I received a piece of cheese in the post yesterday.
Pleasant Valley Dairy Caraway Gouda Cheese, aged over 60 years, to be exact.
I often send food to loved ones: a small pot of homemade ketchup that exploded over a memory stick which was the real reason for the package; homemade cookies that left a Hansel and Gretel crumb-trail across the Atlantic; an advent calender to my sister in Nepal when she wasn’t home for Christmas. The distance seems a little smaller when I feel like I might have put something pleasant in the belly of someone I love.
Perhaps there is something egotistical in my desire to have them digest a delicacy I’ve made; like they are ingesting a part of me in their absence. In many ways it’s no different to writing a letter, but you just get to eat the message rather than read it. Maybe I send food because my mum always told me it’s nice to share. I also secretly enjoy licking four different types of stamps and writing addresses with a biro that is attached to a desk, when I go to the post office to deliver these gustatory parcels.
But very rarely do I receive food packets in return. I hadn’t noticed until this delicious piece of unpasteurised heaven dropped onto my doormat. I’m not fishing for perishable goods to be sent my way, but it did make me wonder why other people don’t show their affection in more digestible forms. As the ketchup incident illustrates, there are certain risks involved with sending food (we won’t mention the mouldy cake that my best friend mistook for hate mail). You have to take shelf life, collateral damage and size of envelopes into account. But that’s why I like it. It’s rather like a sonnet; working a declaration of love into a formalised structure is a demonstration of both the sender’s skill, and their dedication to the subject.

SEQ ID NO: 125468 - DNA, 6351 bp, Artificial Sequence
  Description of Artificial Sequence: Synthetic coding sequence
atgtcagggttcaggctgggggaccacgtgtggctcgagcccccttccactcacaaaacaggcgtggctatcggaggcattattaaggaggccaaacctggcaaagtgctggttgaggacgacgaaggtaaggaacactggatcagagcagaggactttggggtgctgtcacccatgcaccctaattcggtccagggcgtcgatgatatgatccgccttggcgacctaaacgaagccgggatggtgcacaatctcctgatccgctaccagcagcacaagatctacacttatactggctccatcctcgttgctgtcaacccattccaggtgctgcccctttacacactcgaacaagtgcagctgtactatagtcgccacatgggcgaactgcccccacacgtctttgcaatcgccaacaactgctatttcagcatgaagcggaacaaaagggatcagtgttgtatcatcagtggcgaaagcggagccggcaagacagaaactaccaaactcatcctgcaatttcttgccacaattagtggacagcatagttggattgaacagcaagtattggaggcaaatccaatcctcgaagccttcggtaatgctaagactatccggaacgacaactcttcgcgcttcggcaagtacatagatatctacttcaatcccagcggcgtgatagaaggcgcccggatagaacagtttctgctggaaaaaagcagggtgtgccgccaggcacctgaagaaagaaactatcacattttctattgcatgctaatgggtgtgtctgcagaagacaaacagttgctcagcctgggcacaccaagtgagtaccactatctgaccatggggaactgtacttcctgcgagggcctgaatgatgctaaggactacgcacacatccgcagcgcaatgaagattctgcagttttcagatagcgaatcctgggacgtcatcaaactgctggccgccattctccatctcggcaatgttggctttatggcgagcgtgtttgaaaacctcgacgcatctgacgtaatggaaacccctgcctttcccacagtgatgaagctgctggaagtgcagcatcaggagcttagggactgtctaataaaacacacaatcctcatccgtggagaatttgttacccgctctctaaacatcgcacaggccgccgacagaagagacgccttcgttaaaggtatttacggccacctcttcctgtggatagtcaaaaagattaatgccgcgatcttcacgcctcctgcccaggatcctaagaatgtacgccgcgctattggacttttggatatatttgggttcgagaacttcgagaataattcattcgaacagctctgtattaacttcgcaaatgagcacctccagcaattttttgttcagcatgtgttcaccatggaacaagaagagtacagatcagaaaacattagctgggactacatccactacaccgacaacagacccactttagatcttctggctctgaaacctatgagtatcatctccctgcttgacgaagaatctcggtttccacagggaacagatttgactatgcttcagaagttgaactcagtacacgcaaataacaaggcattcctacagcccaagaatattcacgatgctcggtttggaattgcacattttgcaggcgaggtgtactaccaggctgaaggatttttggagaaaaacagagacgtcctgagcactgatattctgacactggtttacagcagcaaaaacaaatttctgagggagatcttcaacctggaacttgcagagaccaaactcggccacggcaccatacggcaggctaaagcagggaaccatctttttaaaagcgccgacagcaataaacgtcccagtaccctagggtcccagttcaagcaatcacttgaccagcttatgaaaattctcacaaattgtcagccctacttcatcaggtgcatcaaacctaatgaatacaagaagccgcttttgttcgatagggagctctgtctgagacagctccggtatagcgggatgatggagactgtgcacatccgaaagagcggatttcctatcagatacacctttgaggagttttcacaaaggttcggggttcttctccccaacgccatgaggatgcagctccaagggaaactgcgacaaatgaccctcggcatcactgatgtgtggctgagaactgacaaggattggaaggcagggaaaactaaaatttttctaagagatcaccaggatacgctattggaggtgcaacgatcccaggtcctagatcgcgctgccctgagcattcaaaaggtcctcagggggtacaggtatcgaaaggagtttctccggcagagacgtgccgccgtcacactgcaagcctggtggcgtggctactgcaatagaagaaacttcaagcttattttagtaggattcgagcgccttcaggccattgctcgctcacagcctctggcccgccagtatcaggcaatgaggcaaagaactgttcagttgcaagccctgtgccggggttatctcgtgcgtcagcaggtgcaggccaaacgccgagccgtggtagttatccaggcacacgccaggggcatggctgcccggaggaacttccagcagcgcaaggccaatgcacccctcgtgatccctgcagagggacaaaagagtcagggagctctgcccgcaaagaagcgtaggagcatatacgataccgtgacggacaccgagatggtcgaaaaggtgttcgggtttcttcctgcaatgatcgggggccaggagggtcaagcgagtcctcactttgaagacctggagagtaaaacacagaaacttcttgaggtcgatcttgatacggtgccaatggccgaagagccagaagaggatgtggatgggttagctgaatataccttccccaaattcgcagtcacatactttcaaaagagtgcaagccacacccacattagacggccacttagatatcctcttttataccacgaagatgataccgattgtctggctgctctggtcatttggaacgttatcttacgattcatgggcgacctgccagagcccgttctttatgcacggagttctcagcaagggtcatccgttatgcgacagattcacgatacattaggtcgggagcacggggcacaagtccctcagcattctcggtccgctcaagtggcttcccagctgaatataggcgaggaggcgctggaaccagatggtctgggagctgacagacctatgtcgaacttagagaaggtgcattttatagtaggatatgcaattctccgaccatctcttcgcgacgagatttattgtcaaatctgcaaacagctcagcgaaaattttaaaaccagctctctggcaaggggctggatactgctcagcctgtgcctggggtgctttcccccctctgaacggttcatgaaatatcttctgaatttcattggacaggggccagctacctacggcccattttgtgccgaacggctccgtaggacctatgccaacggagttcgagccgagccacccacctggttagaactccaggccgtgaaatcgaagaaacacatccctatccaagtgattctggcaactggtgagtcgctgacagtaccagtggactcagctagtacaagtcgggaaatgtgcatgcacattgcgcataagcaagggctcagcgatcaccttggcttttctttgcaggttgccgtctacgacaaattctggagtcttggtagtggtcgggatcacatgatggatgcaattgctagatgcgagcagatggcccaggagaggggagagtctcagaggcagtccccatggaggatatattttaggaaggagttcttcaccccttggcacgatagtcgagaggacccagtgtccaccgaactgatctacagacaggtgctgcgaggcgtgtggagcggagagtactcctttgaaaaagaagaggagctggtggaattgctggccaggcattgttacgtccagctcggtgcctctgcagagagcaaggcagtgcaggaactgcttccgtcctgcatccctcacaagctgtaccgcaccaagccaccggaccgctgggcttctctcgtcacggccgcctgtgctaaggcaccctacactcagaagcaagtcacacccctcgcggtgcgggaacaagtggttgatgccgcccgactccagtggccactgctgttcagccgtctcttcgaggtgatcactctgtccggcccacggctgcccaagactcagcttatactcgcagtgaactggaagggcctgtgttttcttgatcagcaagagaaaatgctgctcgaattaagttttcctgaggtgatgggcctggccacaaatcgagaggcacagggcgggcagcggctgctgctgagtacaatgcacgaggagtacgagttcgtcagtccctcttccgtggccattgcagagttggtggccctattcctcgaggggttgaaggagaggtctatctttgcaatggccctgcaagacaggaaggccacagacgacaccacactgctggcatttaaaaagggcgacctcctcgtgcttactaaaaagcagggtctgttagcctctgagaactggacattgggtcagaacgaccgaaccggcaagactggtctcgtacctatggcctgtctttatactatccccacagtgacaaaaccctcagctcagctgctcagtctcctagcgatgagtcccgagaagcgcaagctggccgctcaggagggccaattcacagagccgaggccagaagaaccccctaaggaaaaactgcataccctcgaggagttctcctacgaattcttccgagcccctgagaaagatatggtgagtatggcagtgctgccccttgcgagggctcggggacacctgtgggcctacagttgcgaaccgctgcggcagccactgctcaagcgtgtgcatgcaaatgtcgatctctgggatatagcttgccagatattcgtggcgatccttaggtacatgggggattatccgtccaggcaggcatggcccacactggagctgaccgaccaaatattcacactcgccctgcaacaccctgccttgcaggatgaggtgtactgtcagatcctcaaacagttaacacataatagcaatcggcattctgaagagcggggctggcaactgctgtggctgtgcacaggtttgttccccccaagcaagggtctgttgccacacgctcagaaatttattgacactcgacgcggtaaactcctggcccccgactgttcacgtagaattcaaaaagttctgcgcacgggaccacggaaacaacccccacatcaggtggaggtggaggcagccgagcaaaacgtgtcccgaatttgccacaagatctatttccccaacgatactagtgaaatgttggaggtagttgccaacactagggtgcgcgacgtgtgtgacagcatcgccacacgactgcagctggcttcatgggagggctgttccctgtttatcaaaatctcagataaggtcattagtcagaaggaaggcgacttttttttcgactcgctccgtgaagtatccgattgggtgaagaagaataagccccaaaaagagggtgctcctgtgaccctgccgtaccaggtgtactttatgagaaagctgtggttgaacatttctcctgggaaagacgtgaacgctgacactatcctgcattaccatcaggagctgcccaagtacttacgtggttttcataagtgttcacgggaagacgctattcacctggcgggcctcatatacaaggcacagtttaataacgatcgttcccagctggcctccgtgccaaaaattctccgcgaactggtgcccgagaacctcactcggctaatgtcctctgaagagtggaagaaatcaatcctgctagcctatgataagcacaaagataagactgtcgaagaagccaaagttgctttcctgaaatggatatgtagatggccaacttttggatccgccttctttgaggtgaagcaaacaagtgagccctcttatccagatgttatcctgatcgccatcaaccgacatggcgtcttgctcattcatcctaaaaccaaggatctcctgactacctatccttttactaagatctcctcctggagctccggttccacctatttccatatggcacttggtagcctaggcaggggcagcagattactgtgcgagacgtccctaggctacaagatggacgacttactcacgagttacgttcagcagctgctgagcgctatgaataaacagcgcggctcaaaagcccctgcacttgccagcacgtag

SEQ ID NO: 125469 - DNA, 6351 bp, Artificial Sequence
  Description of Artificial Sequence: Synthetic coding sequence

In North America, food packages are not quite so theorised; they’re called ‘care packages’ and distributed by humanitarian aid agencies and ’empty nester’ mothers alike. I once met an American guy in London who’d received a care package of vegetarian beef jerky from his mum in Colorado. There’s no accounting for what care tastes like, I suppose.
Writing this blog has cast a flash of understanding on my childhood fascination with Postman Pat. My Grandpa and I used to chat about Pat’s relationship with his cat, I would write my thank you letters on Postman Pat headed paper, and wonder why Pat never left those annoying missed delivery cards. I must have imbibed Pat’s love of delivering parcels and only now do I realise that I understood the power of the Royal Mail early on in my life.
I will enjoy a small slice of cheese everyday; dosifying the tangy, complex flavour of raw milk cheese that I can’t get over here. My fingers smell like cheese, and as I nibble on delicate Gouda for my lunch, it’s like I’m reading the letter over and over again. Each morsel of cumin seed that emerges from the cheese is an anecdote written on my tongue. In fact, Max only sent a few lines on a postcard – but nothing says love like unpasteurised cheese.